#YQR axes funding to Literary orgs

It appears to the regina mom that the City of Regina would rather fill that new pie in the sky, outrageously overpriced, not yet built football stadium with ticket-buyers than fund events for writers in the Queen City.  The Vertigo Series, Coteau Books and the Saskatchewan Writers Guild will receive nothing, as it stands. From the member newsletter, eBriefs:

SWG NEWS

City of Regina Slashes Literary Funding

For many years the Saskatchewan Writers’ Guild has successfully applied to the City of Regina for about $24,000 annually to assist with literary programming in Regina. This year, our funding request was denied in its entirety.

SWG is one of at least three literary organizations denied funding by the City of Regina grant program. Coteau Books and the Vertigo Reading Series have also been cut. The rationale provided for the cuts is that the SWG application “scored low in the area of community need.” We have been advised that SWG also scored low in the area of “financial need.”

Meanwhile, performance, film and music organizations that run festivals generating ticket sales have received more funding than in previous years.

The Saskatchewan Writer’s Guild has a rich history of literary programming in Regina, some of which we have provided for over thirty years. We offer a wide array of free programming to writers and the public, raise literary awareness, raise writers’ profiles, and enrich the lives of hundreds of people, including key identified targets of youth and Aboriginal constituents.

A new application process that groups all disciplines and former community grants into one is partly responsible for the cuts. The literary arts and the community will suffer heavily in Regina this coming year.

As a result of these cuts, beginning August 1st or earlier, the following Guild programs will be affected and/or suspended:

·         City of Regina Writing Award (sponsored by the City for 32 years)

·         Words in the Park (3 years)

·         Writer-in-Residence at a Regina school (10+ years)

·         First Nations Reading series (5+ years)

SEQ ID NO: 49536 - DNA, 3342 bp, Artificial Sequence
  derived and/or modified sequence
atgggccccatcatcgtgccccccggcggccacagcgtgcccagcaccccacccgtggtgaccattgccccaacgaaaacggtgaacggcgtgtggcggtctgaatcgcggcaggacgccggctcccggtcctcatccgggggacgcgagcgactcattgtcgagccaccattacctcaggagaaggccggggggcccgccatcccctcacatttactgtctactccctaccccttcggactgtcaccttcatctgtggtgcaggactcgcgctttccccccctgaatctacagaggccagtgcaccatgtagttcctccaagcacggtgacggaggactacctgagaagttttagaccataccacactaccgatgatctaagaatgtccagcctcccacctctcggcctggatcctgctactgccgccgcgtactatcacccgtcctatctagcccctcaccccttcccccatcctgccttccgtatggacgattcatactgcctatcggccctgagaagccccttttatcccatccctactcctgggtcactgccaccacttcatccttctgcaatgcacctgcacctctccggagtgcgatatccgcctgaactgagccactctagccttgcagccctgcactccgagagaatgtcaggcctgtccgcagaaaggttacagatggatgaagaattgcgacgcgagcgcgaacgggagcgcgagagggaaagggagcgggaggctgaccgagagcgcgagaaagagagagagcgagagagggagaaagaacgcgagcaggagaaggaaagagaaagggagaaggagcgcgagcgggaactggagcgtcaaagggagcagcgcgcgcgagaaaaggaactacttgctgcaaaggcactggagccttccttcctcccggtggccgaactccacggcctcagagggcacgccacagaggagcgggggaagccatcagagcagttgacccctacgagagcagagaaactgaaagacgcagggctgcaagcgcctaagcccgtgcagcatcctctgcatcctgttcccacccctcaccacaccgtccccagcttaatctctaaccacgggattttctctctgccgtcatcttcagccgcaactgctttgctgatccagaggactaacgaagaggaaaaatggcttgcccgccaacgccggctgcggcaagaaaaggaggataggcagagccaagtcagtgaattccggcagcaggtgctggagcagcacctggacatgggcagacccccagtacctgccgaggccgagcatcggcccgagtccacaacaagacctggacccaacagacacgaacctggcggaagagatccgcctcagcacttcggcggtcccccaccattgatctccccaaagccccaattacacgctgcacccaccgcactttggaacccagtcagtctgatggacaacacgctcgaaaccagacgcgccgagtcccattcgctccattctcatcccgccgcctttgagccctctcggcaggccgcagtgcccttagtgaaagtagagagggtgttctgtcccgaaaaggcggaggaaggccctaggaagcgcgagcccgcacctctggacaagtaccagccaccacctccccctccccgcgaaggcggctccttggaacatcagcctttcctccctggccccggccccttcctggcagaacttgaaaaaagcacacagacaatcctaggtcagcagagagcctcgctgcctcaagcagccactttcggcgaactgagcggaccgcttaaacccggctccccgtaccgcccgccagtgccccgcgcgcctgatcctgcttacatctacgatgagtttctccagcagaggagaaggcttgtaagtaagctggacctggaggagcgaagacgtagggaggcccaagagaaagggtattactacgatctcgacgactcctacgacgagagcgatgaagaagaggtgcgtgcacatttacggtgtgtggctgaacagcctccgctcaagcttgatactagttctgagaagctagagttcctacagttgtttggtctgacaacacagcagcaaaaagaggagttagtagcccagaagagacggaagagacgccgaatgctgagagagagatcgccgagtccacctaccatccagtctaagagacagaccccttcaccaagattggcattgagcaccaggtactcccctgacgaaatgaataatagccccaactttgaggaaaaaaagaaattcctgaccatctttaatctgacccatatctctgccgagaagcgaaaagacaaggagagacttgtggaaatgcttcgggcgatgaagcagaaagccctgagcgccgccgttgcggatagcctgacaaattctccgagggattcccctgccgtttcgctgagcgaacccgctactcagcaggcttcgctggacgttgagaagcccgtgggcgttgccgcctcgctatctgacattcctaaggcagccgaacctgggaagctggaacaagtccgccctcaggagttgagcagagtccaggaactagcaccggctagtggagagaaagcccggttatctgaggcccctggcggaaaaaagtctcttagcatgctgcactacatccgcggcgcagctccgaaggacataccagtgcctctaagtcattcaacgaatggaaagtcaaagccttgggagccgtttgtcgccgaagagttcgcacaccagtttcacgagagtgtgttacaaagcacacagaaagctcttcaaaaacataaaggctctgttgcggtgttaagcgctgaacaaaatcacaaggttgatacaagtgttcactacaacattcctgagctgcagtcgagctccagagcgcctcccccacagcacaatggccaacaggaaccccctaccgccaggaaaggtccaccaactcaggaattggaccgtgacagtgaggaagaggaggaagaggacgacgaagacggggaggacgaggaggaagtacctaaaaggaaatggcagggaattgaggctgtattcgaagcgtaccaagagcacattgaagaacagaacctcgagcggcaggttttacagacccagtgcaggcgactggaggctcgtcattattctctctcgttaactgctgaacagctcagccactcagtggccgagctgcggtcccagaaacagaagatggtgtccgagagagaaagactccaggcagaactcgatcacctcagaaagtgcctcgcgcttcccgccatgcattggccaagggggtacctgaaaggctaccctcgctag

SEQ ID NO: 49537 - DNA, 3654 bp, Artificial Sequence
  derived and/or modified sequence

·         Signature Reading series (15+ years in various editions)

·         Aboriginal Storytelling Month (2 years)

·         Aboriginal History Day/Month (4 Years)

·         Talking Fresh (11 years)

·         Regina Workshops (25+ years)

·         Apprentice Readings (15+ years)

·         Windscript Launch (4 years)

·         Playwrights Reading series (5+ years)

·         Historic Walking Tours (4 years)

Guild staff will be meeting with the City Community Consultant responsible for the grant programs on Tuesday next week to see if there are any options for alternate funding. We will inform you of the results shortly thereafter.

We encourage you to contact Regina City Council to voice your concerns about literary arts being cut from cultural funding, and to raise their awareness that the literary community is strong and viable, and this programming serves an important community need. You may email Regina City Councillors and/or Mayor Michael Fougere at the following link:

http://www.regina.ca/site/contact/contact-your-city-councillor/

trm has already let her Councillor, Shawn Fraser, know about this abomination.  He’s a good guy and has not heard about it but is looking into it.  However, it would be very useful for people “from away” to chime in and let Mayor Fougere know how they feel about the big #YQR #fail!

Notes from #CNFC2013 Part 3

Carrying on in the series of Notes from #CNFC2013 Part 1 and Part 2, here is Part 3, the final piece from the session, “Ownership: Stories and Lies,” with Kate Braid and Tyler Trafford, moderated by Myrna Kostash at the 2013 Creative NonFiction Collective’s annual conference in Banff.